An 8-bit value generated by the Requestor that allows the disjointed LPC Data Transaction packet to be tracked and rejoined outside the PCI_Express fabric. All LPC-UD Data Transaction Packet will be assigned a Tag value of zero. All LPC-TO Data Transaction packet will be assigned a unique Tag value by the Tunnel Master. Up to 31 LPC-TO Data Transaction packets may be assigned at any given time because there are 31 unique Tag values. When the Tunnel Slave responds to an LPC-TO Data Transaction packet by generating a LPC-TT Data Transaction packet, it will assign the same Tag value to the LPC-TT packet that was in the LPC-TO packet. This way the Tunnel Master will be able to rejoin the LPC-TT packet to the LPC-TO packet to complete the LPC transaction by matching the Tag values.

Message Code: Vendor_Defined Message Code

The Vendor-Defined Message Code of “0111 1111” instructs any receiving port to silently discard the TLP and not propagate it through to the next switch in the PCI_Express fabric if it is not the destination port. This is a safe guard to insure that a translated LPC Data Transaction packet will not leak out of the hybrid link into the rest of the PCI_Express fabric. Destination ID: Identification Code of PCI_Express user that is the target of the TLP packet. The Destination ID of all TLP packets translated from LPC Data Transaction packets will have the form of 11111111dddddfff. See the explanation given for the Requestor ID definition to understand the content of “ddddd” and “fff”. For Destination ID “ddddd” indicates the target destination (Tunnel Slave=00000 and Tunnel Master=11111).

Vendor ID: ID code assigned to the vendor by the PCI_Express Committee.

Each vendor is assigned a unique Vendor ID code. This allows the packet to be broadcast on a PCI_Express fabric while having only predetermined ports or switches respond.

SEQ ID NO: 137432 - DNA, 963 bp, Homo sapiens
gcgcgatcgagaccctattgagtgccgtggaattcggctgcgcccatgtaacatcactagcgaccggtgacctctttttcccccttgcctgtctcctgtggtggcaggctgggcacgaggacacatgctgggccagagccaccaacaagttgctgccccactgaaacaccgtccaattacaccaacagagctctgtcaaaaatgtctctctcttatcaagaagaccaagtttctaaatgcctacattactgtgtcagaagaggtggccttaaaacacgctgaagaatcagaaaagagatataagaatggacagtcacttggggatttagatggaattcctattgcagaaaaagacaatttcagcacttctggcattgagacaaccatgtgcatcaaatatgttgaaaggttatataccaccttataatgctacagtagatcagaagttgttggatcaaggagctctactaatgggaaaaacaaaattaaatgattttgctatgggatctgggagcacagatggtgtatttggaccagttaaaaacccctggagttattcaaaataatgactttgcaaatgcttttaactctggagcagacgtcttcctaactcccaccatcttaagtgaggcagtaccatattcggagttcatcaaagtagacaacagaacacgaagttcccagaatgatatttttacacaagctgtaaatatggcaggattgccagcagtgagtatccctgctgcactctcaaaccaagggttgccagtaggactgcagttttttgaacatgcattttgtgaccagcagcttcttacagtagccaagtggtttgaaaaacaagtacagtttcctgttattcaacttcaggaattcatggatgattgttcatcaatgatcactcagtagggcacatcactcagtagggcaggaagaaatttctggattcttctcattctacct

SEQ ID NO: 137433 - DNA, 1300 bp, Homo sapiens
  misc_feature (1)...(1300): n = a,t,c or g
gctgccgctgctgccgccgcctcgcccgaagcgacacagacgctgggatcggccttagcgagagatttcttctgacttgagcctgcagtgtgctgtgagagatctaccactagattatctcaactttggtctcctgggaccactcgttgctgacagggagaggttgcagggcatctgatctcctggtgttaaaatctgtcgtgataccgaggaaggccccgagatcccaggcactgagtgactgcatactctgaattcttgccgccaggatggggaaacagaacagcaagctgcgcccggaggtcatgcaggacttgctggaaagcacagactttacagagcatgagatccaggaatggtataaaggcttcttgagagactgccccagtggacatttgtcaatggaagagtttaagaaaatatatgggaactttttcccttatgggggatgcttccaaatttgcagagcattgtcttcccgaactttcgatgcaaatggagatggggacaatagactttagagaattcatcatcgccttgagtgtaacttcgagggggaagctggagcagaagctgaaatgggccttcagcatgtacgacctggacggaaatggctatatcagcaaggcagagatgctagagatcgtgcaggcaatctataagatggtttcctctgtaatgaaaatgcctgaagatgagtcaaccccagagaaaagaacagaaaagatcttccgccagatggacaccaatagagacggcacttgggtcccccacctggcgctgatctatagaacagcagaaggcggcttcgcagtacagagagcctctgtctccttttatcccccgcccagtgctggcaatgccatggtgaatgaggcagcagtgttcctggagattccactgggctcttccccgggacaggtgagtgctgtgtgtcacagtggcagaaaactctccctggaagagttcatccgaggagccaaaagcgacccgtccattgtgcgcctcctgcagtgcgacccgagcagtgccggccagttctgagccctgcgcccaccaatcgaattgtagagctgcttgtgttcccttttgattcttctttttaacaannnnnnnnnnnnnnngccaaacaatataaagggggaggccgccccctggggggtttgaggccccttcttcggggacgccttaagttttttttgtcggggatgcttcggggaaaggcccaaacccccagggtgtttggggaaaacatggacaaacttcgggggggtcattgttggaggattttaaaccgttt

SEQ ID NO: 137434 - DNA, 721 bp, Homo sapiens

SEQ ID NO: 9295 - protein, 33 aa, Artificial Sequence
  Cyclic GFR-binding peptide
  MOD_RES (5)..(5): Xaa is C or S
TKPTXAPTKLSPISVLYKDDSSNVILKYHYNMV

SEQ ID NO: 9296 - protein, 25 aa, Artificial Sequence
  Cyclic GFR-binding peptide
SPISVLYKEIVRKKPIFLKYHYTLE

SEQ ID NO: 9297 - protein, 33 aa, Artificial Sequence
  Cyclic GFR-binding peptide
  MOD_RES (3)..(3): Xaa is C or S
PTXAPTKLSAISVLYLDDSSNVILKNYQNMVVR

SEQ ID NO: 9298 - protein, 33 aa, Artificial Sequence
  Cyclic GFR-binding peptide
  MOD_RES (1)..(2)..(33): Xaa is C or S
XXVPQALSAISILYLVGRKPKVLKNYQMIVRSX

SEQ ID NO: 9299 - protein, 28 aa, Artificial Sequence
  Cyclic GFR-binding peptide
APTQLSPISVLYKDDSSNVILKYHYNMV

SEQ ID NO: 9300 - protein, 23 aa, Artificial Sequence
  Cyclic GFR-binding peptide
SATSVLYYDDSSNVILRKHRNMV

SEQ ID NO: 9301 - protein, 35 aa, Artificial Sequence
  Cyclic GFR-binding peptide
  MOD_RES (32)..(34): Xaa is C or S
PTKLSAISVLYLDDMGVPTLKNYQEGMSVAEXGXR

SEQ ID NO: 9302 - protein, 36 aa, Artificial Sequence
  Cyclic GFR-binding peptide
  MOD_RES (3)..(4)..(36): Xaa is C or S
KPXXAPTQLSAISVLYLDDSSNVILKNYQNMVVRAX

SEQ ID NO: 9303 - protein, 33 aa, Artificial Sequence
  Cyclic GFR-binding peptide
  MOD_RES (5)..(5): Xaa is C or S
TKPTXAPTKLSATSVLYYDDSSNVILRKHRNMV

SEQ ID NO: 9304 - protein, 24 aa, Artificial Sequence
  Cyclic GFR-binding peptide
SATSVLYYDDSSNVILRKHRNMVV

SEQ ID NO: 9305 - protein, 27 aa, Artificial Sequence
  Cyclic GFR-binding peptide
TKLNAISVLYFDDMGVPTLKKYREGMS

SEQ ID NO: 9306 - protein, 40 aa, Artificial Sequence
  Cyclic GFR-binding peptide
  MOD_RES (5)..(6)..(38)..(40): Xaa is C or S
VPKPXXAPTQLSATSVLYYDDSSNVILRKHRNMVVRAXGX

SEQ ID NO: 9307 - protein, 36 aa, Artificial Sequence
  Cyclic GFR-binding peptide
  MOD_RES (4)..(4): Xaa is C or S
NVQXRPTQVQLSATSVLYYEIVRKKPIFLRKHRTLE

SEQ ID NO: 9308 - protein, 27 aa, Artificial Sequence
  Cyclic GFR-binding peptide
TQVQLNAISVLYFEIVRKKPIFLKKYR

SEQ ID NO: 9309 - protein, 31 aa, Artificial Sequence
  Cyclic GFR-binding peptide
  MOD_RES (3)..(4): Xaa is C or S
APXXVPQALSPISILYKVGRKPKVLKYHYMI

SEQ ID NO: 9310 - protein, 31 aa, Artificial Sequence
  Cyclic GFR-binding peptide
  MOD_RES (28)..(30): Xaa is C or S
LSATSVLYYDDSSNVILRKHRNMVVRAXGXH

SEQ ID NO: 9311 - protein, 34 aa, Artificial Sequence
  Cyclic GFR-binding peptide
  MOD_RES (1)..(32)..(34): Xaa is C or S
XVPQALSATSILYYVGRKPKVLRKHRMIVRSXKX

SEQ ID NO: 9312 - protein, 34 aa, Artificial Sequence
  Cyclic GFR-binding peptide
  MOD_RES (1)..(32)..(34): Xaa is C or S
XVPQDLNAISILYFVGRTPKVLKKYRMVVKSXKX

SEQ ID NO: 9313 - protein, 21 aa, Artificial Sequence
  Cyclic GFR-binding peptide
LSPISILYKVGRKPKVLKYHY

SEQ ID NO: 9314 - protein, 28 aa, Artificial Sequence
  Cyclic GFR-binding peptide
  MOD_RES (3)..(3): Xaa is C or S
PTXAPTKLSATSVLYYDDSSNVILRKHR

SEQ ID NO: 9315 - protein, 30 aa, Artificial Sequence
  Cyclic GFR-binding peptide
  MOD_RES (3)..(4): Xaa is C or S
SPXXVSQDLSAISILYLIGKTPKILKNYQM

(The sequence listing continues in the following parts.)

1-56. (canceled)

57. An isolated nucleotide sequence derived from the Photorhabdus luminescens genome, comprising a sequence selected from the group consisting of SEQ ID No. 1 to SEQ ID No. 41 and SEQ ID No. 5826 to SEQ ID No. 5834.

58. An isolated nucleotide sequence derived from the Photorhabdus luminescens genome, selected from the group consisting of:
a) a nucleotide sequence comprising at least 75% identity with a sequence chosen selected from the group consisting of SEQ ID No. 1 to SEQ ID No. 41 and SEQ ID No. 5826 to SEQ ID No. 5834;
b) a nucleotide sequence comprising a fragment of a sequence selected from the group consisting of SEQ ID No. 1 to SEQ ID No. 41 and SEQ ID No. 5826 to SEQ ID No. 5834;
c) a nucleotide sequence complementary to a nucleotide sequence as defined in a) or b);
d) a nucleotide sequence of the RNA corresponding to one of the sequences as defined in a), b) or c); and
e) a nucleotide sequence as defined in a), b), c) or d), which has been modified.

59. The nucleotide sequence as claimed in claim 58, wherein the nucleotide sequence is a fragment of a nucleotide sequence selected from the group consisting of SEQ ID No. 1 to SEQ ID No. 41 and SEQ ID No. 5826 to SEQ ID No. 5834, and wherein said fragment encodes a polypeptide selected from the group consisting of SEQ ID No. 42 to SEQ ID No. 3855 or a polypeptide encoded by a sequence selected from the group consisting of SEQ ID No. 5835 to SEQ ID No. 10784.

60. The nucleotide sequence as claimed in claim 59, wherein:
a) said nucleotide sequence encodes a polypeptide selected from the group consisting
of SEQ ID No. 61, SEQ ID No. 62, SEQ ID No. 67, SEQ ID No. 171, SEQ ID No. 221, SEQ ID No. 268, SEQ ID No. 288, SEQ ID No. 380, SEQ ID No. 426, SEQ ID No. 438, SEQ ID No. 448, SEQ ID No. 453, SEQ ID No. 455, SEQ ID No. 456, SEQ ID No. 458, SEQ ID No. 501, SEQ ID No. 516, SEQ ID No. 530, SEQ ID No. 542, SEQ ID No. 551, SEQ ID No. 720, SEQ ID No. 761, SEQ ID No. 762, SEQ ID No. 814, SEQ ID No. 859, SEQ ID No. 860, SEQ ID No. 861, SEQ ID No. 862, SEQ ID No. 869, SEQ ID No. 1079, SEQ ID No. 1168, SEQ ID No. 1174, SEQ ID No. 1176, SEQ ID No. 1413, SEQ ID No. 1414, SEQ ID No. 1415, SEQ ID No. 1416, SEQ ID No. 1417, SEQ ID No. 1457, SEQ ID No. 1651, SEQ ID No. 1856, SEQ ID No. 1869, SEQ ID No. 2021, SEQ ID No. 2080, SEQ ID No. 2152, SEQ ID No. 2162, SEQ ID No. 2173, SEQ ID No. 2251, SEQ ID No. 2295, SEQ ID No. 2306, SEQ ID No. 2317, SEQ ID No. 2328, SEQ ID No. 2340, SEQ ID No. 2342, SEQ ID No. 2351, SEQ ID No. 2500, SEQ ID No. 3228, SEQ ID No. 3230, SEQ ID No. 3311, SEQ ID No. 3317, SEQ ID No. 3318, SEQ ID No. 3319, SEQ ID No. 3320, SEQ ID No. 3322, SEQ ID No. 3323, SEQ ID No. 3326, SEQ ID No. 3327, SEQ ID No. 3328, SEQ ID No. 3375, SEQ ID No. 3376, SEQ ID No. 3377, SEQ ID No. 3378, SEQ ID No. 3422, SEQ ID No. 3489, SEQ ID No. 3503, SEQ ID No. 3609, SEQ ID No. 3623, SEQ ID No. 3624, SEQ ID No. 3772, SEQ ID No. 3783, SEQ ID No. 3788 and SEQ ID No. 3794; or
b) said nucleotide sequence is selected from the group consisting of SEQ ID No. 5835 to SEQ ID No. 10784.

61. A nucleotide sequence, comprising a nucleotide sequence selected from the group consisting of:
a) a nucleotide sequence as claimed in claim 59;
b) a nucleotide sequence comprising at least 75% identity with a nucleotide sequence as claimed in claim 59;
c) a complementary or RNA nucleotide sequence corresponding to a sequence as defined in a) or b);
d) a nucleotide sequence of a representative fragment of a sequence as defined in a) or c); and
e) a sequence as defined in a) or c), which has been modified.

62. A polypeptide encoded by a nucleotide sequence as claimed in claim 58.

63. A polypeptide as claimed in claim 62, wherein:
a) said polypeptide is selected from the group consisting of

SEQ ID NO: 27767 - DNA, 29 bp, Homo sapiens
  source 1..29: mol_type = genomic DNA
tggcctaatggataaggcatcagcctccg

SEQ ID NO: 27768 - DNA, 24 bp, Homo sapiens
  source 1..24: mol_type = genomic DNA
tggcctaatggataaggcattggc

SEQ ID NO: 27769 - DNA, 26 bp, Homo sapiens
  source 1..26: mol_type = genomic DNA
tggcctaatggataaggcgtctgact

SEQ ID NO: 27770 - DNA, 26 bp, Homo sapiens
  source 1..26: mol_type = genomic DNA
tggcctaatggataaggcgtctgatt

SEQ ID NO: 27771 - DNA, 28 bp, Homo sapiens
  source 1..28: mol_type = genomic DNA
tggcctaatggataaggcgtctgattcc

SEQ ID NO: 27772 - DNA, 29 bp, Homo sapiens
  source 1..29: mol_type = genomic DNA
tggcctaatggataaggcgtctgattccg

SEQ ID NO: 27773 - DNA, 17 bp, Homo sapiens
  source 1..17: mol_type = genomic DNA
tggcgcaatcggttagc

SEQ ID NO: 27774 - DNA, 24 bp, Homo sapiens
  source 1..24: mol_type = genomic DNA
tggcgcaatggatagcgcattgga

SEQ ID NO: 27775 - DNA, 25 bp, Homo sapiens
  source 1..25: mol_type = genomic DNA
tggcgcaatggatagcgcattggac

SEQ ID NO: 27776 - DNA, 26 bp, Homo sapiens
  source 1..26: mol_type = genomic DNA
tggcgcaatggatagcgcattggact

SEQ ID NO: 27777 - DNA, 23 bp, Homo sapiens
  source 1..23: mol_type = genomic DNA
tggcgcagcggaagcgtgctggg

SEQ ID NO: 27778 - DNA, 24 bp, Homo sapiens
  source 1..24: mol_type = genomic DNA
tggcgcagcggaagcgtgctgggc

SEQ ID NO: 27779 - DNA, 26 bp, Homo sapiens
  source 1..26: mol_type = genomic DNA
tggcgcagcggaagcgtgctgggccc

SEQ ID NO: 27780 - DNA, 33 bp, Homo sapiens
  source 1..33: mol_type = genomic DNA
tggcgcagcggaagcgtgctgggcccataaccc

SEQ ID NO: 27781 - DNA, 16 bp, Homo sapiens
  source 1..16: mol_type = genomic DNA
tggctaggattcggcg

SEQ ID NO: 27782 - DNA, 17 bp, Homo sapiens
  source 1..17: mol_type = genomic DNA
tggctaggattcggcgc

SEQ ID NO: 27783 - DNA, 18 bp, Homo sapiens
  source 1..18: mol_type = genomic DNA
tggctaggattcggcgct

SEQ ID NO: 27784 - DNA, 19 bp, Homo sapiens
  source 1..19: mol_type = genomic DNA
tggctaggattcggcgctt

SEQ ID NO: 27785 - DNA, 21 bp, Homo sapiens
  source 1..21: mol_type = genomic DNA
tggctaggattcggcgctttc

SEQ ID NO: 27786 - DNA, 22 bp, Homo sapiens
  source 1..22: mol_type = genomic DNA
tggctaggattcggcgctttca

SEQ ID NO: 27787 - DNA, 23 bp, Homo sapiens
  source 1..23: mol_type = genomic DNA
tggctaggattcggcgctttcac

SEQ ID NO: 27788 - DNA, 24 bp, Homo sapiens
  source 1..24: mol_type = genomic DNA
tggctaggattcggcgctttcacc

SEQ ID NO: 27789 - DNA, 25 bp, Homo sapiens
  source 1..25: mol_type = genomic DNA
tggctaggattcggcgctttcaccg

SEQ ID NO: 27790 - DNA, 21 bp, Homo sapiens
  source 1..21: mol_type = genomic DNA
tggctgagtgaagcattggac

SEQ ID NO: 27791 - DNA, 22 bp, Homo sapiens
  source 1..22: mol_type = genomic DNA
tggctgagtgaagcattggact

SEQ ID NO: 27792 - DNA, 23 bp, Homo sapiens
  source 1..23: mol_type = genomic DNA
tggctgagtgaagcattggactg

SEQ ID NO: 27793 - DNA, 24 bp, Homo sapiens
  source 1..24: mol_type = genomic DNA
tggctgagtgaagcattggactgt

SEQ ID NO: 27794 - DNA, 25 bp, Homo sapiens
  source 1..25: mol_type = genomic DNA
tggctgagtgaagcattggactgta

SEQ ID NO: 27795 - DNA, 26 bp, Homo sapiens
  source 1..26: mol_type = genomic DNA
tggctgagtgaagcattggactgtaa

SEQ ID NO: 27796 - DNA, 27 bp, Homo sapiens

The format of the last four bytes of the TLP header will be TLP type dependent. The information being transported in the TLP has to be in the last four bytes of the TLP header. Tables 5 and 6 show the data format of the last four bytes of the TLP header of a LPC SERIRQ Request TLP packet.

TABLE 5
Byte order 12 13
Bit order 7 6 5 4 3 2 1 0 7 6 5 4 3 2 1 0
Definition IRQ[15:0] States
Setting x x x x x x x x x x x x x x x x

TABLE 6
Byte order 14 15
Bit order 7 6 5 4 3 2 1 0 7 6 5 4 3 2 1 0
Definition Reserved
Setting 0 0 0 0 0 0 0 0 0 0 0 0 0 0 0 0

IRQ[15:0] States: States of each of the 15 IRQ signals that are encoded on the LPC SERIAL IRQ signal.

    • Each bit in bytes 12 and 13 represent the state of one of the IRQ interrupt periods of a Serial IRQ frame period. If the assigned IRQ is active, the bit will be high. If the assigned IRQ is inactive, the bit will be low.

Tables 7 and 8 show the data format of the last four bytes of the TLP header of a LPC DMA Request TLP packet.

TABLE 7
Byte order 12 13
Bit order 7 6 5 4 3 2 1 0 7 6 5 4 3 2 1 0
Definition R ChanID A R
Setting 0 0 0 0 0 0 0 0 0 0 0 0 0 0 0 0

TABLE 8
Byte order 14 15
Bit order 7 6 5 4 3 2 1 0 7 6 5 4 3 2 1 0
Definition Reserved
Setting 0 0 0 0 0 0 0 0 0 0 0 0 0 0 0 0

ChanID: DMA channel ID

When a device makes a DMA request, it must provide a DMA channel number so that the DMA controller may determine which of the eight DMA channels to allocate to this device.

Tables 9 and 10 show the data format of the last four bytes of the TLP header of an LPC-TO or an LPC-TT TLP packet.

TABLE 9
Byte order 12 13
Bit order 7 6 5 4 3 2 1 0 7 6 5 4 3 2 1 0
Definition Data 0 Data 1
Setting x x x x x x x x x x x x x x x x

TABLE 10
Byte order 14 15
Bit order 7 6 5 4 3 2 1 0 7 6 5 4 3 2 1 0
Definition Data 3 Data 4
Setting x x x x x x x x x x x x x x x x

DataN

Not all LPC-TT type TLP packets will use all four Data bytes. Data Bytes that are used by the TLP packet will be set to zero.

The Tunnel Master has to determine which data packets on the LPC Bus need to be directed through the Tunnel Master onto the Hybrid PCI_Express Link to the Tunnel Slave. The LPC Bus is a multi-point bus and other devices may be sharing the LPC bus with the Tunnel Master. Monitoring the LPC Bus and selectively directing traffic through the Tunnel Master is just one of the responsibilities of the LPC Packet Manager inside the Tunnel Master. Once the LPC Packet Manager determines that a LPC Data Packet should be translated into a PCI_Express TLP Data Packet, it has to determine what type TLP data packet to translate it to and instruct the LPC-to-PCI_Express Translator accordingly.